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K+ channel interactions detected by a genetic system optimized for systematic studies of membrane protein interactions.

Organization of proteins into complexes is crucial for many cellular functions. However, most proteomic approaches primarily detect protein interactions for soluble proteins but are less suitable for membrane-associated complexes. Here we describe a mating-based split ubiquitin system (mbSUS) for systematic identification of interactions between membrane proteins as well as between membrane and soluble proteins. mbSUS allows in vivo cloning of PCR products into a vector set, detection of interactions via mating, regulated expression of baits, and improved selection of interacting proteins. Cloning is simplified by introduction of lambda attachment sites for GATEWAY. Homo- and heteromeric interactions between Arabidopsis K(+) channels KAT1, AKT1, and AKT2 were identified. Tests with deletion mutants demonstrate that the C terminus of KAT1 and AKT1 is necessary for physical assembly of complexes. Screening of a sorted collection of 84 plant proteins with K(+) channels as bait revealed differences in oligomerization between KAT1, AKT1, and AtKC1, and allowed detection of putative interacting partners of KAT1 and AtKC1. These results show that mbSUS is suited for systematic analysis of membrane protein interactions.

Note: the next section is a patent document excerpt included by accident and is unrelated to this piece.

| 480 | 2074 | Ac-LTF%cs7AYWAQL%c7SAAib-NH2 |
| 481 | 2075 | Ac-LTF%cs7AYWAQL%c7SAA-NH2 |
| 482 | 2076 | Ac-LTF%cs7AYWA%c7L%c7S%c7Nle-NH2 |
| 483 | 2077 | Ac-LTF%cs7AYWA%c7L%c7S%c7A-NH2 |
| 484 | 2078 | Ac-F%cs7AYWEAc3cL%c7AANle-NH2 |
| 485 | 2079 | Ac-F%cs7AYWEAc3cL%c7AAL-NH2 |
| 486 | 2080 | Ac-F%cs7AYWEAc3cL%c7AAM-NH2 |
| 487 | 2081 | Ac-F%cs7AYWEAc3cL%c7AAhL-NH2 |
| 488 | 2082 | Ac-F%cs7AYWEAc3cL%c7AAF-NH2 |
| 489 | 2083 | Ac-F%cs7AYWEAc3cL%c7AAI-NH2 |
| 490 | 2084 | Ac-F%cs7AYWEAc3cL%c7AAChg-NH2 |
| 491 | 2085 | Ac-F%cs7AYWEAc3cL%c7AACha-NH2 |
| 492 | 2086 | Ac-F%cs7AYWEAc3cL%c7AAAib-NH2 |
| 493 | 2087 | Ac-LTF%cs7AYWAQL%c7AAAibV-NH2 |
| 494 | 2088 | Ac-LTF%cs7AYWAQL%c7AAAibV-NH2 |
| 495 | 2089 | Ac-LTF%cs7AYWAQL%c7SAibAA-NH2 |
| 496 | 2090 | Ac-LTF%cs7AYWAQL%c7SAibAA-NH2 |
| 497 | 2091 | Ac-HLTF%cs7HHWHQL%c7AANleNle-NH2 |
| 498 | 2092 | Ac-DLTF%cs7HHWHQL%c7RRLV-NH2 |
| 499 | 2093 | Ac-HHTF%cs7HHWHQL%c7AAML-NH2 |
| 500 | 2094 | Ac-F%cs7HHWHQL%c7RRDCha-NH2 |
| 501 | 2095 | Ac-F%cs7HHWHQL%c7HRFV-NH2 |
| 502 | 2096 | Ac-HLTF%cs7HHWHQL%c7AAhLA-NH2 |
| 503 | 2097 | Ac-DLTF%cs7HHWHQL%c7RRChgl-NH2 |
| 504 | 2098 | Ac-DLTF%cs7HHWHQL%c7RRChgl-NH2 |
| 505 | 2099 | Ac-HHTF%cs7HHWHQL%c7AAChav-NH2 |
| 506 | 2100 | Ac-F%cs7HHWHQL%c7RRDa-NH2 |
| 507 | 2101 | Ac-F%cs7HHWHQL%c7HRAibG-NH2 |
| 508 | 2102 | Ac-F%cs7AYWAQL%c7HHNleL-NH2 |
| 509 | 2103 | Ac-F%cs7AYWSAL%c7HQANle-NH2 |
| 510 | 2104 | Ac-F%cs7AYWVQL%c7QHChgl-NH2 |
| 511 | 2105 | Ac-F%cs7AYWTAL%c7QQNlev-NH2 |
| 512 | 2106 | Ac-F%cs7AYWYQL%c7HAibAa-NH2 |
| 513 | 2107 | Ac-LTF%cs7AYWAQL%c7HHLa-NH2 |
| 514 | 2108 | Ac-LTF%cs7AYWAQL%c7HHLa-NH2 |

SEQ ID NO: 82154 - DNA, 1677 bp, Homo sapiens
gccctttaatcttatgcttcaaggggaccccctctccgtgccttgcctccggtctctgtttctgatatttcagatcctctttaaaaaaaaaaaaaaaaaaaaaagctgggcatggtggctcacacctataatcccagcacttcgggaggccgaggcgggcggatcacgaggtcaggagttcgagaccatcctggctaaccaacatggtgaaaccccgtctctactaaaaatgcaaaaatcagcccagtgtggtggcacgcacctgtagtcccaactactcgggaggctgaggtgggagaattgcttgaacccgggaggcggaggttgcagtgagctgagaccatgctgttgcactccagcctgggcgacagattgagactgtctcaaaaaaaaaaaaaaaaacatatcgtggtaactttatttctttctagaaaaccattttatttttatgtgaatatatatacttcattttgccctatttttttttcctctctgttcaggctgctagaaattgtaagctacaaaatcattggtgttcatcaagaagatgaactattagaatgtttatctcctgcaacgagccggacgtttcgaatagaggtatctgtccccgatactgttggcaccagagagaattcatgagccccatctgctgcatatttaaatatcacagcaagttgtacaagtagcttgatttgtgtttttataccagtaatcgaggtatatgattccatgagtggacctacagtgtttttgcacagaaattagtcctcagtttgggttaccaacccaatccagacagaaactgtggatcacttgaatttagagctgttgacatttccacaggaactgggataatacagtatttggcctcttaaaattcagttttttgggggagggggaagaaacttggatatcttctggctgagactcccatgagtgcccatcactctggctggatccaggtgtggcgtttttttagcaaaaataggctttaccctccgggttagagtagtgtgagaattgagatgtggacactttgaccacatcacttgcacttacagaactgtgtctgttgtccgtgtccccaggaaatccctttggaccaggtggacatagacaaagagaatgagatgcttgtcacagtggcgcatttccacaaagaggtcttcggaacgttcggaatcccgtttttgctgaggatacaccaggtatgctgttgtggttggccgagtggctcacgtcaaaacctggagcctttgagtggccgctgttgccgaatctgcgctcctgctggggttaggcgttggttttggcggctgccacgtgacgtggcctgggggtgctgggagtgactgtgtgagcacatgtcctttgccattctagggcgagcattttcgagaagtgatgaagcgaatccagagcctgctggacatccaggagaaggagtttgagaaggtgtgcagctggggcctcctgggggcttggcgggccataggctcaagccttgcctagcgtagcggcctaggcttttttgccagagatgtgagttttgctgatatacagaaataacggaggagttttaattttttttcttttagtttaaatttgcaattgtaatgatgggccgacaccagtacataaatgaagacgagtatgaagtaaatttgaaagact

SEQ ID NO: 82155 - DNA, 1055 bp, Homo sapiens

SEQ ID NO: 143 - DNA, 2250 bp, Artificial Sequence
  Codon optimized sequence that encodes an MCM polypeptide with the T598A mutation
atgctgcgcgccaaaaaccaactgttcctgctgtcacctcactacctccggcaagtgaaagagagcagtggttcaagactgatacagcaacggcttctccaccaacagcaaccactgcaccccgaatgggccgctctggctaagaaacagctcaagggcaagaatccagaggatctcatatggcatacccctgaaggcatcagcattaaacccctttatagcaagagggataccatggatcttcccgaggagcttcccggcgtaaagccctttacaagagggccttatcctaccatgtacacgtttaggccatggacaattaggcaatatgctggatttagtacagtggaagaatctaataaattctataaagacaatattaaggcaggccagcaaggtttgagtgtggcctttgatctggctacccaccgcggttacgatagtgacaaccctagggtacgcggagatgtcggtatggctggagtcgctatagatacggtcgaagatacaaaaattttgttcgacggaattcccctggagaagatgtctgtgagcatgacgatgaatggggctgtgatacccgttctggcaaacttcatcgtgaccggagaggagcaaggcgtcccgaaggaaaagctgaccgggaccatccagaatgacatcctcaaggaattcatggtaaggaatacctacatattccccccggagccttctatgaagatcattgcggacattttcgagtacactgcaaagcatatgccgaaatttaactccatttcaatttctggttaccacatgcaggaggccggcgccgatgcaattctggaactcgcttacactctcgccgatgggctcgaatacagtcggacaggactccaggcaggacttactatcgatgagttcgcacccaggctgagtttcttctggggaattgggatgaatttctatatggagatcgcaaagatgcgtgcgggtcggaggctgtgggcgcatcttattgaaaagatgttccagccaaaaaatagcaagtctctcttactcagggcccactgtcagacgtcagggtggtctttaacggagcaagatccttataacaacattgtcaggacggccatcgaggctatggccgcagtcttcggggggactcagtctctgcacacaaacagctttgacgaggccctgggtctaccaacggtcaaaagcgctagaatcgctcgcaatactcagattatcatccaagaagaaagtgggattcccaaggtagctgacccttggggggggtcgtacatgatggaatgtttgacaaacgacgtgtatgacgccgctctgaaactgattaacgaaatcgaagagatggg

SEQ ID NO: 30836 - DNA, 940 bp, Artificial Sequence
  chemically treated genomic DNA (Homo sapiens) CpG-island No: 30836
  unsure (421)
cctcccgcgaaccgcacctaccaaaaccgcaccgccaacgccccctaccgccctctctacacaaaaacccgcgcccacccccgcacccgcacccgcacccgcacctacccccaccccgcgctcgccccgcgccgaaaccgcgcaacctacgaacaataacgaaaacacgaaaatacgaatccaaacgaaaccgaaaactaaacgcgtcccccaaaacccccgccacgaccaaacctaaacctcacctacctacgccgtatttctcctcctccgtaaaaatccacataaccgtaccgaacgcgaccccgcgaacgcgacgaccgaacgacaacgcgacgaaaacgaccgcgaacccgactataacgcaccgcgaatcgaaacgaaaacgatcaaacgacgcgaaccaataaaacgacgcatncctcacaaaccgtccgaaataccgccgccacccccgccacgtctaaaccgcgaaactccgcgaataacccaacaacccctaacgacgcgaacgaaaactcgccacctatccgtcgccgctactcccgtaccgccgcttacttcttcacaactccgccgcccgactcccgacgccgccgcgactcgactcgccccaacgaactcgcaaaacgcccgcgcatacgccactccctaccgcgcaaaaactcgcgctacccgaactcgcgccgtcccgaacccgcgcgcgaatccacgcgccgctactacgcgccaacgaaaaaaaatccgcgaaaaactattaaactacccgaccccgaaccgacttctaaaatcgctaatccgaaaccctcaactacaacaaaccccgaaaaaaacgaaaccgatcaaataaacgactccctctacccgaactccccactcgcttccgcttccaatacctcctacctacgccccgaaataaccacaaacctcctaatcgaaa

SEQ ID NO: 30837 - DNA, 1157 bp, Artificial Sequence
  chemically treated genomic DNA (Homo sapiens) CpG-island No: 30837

Pubmed ID: 15299147


  • Obrdlik P
  • El-Bakkoury M
  • Hamacher T
  • Cappellaro C
  • Vilarino C
  • Fleischer C
  • Ellerbrok H
  • Kamuzinzi R
  • Ledent V
  • Blaudez D
  • Sanders D
  • Revuelta JL
  • Boles E
  • AndrĂ© B
  • Frommer WB


Proceedings of the National Academy of Sciences of the United States of America

Publication Data

August 17, 2004

Associated Grants


Mesh Terms

  • Arabidopsis
  • Arabidopsis Proteins
  • Cloning, Molecular
  • Membrane Proteins
  • Plant Proteins
  • Potassium Channels
  • Potassium Channels, Inwardly Rectifying
  • Promoter Regions, Genetic
  • Proteomics
  • Recombinant Proteins
  • Sequence Deletion
  • Two-Hybrid System Techniques
  • Ubiquitin